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It’s good to talk

The practical challenges of living with a bleeding disorder are well documented, yet there can also be a significant mental health impact on individuals and their families. It isn’t something that’s often talked about but it’s there for most people at some point, whether you have a bleeding disorder or someone you love and care for does. 

Very few people receive NHS treatment for the psychological impact of living with a bleeding disorder, which brings a greater need for emotional support from other sources. We hope the following information will help you find appropriate provision if you are seeking emotional and mental health support. 

 What is talking therapy? 

Therapy offers a secure, confidential space to talk about life and things that feel confusing, stressful or painful. Therapists are trained to be objective, attentive and non-judgmental – an outside pair of ears to help guide you towards new ways of coping.  

 How will I feel? 

Everyone’s experience is personal and it can be hard dealing with emotions. It can take several sessions to feel improvements, but even after a single session you may feel encouraged by having a dedicated person to talk to.  

 How can I find a therapist? 

There is no legal obligation for someone who sets up as a counselling service to be trained or registered. However, professional therapists go through rigorous training, so proper accreditation is important.   

Start by asking if any support is available from your haemophilia centre: there are a few specialist psychologists based in haemophilia centres. You may also be able to access talking therapies via your GP. If that isn’t available you might decide to look for private support from a counsellor or therapist accredited by a reputable professional body. The BACP and UKCP registers carry up-to-date lists of psychotherapists and counsellors and the BPC and BPS regulate psychoanalysts and psychologists (websites are listed at the end). Some of these terms are used interchangeably but usually refer to the method or process the therapist will use. There is a helpful comparison on the NHS Choices website (again, see end). It’s also worth checking your chosen therapist has some experience or interest in your particular area of concern.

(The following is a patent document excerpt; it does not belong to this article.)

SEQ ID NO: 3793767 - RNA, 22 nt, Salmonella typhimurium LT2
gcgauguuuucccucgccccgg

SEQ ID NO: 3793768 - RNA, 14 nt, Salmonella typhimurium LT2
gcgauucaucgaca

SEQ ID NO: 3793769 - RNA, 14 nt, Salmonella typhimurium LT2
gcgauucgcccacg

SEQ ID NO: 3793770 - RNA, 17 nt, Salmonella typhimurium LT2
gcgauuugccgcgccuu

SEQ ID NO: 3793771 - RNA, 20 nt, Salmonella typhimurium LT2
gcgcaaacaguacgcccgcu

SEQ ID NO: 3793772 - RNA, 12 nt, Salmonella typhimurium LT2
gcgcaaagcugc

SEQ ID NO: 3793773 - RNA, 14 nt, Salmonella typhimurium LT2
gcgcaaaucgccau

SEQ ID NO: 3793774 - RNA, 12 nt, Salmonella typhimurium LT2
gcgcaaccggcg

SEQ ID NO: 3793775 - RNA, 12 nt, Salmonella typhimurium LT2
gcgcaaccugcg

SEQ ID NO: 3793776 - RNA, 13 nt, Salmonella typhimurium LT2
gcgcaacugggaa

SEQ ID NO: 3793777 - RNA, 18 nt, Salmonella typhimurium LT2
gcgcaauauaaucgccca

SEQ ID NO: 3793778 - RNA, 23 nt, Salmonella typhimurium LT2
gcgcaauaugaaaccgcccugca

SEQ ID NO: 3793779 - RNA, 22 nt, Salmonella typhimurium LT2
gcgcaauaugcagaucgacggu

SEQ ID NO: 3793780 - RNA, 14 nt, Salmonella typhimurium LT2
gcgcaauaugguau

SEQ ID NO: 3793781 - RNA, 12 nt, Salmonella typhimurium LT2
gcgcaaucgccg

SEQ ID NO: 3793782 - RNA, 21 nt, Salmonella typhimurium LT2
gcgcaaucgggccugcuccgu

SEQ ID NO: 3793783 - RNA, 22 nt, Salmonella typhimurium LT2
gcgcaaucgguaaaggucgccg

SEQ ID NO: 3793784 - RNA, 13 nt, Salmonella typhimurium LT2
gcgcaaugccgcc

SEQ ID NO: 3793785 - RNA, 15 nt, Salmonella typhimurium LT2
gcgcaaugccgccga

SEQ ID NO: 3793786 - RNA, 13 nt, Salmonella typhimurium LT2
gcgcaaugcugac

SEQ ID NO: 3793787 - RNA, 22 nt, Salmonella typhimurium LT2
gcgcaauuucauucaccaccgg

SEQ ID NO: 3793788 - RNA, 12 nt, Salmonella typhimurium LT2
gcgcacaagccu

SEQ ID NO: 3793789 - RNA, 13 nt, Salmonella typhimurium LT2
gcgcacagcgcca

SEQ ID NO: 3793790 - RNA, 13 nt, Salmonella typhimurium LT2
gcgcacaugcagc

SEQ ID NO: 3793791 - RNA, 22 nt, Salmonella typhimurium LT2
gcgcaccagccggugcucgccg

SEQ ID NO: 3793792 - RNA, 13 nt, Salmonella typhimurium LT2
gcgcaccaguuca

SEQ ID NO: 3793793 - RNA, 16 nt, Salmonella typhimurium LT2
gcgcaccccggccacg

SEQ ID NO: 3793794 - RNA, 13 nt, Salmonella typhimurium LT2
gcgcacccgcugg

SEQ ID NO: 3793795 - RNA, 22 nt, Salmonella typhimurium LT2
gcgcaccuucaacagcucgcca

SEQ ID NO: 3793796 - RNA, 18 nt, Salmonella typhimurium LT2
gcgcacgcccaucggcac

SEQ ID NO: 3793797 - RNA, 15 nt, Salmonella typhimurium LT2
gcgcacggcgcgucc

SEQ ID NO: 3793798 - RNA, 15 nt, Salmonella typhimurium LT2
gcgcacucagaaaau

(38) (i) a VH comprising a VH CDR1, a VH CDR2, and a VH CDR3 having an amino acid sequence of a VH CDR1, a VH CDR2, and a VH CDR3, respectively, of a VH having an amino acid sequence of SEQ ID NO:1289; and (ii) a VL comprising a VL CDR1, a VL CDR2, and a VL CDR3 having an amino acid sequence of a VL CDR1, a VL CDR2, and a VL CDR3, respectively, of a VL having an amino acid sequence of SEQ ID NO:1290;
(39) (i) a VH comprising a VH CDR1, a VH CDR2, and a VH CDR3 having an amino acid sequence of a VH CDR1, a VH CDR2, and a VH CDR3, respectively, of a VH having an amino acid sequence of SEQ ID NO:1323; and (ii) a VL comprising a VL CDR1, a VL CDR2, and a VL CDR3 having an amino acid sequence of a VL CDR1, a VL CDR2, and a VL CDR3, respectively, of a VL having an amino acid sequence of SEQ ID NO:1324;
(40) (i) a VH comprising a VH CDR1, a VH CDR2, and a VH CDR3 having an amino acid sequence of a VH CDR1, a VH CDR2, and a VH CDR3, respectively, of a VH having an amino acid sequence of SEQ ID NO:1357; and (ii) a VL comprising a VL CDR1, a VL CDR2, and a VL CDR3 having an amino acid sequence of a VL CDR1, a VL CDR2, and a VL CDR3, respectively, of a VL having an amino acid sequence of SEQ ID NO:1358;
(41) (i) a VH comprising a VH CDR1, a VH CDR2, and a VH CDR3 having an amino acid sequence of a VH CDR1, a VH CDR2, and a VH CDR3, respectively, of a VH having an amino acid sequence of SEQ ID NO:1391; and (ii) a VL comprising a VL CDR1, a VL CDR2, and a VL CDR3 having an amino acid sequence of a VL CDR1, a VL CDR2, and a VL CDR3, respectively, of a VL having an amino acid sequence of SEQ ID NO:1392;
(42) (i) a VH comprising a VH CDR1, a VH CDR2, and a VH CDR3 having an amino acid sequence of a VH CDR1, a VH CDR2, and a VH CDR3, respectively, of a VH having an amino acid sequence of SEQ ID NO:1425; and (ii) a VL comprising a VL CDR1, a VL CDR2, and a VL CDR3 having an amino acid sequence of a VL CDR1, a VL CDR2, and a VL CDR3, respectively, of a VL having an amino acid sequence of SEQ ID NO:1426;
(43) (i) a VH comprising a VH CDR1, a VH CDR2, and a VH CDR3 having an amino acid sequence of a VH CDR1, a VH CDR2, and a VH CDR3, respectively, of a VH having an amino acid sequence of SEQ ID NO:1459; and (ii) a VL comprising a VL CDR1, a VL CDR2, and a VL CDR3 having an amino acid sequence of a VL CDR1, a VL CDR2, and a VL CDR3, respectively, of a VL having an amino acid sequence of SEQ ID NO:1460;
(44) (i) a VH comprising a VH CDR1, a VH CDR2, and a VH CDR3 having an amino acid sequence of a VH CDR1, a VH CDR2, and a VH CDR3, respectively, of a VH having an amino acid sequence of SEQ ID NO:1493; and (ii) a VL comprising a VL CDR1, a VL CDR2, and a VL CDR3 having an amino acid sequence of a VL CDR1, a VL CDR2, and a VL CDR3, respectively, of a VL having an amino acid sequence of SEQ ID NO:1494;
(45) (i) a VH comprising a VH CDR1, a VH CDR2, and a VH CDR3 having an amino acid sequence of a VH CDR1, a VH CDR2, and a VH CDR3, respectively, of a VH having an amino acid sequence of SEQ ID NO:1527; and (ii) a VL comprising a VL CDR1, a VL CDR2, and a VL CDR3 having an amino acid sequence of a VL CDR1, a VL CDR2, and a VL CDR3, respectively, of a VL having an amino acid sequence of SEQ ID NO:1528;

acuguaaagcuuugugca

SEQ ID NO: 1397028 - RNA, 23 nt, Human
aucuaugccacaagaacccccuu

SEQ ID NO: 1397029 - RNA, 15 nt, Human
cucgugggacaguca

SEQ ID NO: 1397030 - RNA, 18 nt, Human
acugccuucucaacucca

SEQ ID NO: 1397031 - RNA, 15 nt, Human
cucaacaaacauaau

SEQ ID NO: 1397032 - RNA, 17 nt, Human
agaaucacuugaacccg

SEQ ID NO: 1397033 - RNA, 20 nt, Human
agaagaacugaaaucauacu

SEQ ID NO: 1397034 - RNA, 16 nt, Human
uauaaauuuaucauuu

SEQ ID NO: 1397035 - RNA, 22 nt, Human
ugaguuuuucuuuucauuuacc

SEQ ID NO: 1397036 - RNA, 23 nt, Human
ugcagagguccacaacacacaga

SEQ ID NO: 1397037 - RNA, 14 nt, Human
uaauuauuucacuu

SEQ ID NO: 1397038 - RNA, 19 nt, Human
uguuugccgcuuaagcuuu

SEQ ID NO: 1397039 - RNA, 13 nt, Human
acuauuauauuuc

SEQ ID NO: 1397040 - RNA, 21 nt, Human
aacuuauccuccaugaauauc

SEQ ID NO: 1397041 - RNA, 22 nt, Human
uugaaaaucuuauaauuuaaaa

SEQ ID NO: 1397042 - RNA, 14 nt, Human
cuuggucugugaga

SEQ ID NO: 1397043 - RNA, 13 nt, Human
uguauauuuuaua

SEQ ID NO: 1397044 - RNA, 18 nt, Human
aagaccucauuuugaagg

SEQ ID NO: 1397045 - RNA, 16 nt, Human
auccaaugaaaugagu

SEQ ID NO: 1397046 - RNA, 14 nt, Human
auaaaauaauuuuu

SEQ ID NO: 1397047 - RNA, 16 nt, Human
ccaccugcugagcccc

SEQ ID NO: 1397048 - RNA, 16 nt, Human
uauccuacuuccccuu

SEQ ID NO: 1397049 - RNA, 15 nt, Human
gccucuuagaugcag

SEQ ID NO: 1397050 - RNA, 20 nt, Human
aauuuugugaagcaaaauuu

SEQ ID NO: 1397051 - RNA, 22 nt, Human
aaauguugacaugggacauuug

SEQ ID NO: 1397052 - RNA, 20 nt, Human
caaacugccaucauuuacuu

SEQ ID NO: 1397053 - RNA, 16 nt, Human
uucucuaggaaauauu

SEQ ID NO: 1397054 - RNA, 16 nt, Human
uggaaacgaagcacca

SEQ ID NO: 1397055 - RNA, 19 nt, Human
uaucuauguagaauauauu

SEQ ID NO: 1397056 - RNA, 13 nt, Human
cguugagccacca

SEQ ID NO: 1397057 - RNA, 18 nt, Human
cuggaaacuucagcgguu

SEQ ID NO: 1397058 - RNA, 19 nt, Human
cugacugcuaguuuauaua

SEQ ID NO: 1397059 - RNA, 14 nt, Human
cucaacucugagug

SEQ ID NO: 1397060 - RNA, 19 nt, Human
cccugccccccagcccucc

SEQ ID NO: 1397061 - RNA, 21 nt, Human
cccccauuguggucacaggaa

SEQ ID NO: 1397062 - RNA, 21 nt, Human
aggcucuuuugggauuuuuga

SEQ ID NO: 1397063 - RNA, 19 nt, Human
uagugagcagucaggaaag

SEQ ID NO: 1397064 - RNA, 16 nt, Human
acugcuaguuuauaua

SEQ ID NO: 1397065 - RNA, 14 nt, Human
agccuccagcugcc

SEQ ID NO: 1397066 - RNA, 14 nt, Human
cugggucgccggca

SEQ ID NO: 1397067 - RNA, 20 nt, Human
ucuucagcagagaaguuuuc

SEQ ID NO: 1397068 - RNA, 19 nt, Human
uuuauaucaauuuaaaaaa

Who is the right therapist for me? 

Since therapy is very personal, you need to feel comfortable entrusting the therapist with sometimes very private feelings. Usually a therapist will offer a consultation, sometimes free – it’s an opportunity for you both to mutually decide to continue working together. Personality fit is as important as their experience and qualifications. If you pursue therapy, remember that difficult emotions will arise and trust the process – but there’s no shame in changing if it doesn’t seem to be working. You can read more about finding the right therapist at: 

 I’m thinking about seeking a professional therapist. What questions should I clarify first?  

  • How many sessions will I have? Counselling tends to be a short-term intervention, psychotherapy usually continues over the long term. 
  • What type of therapy do you specialise in? You can find a helpful glossary at: 
  • How much does it cost? Therapy can be anything from £25-£100 a session. Some therapists offer concessions or a sliding scale, dependant on income.  
  • What happens if I miss a session? Some therapists will want payment if you don’t turn up; others have a cancellation policy.  
  • What happens if I want to take a holiday – will I still have to pay? As above, some therapists will want payment even with notice – best to manage expectations up front. 
  • Will the counselling be confidential? Confidentiality is deeply embedded in therapists’ ethical framework. To comply with the law in extreme cases, e.g. terrorism or abuse, there may be a break in confidentiality. 
  • Will you make notes during the session, and if so, what happens to these?  
  • Can I contact you in between sessions?

 Find out more 





NHS Choices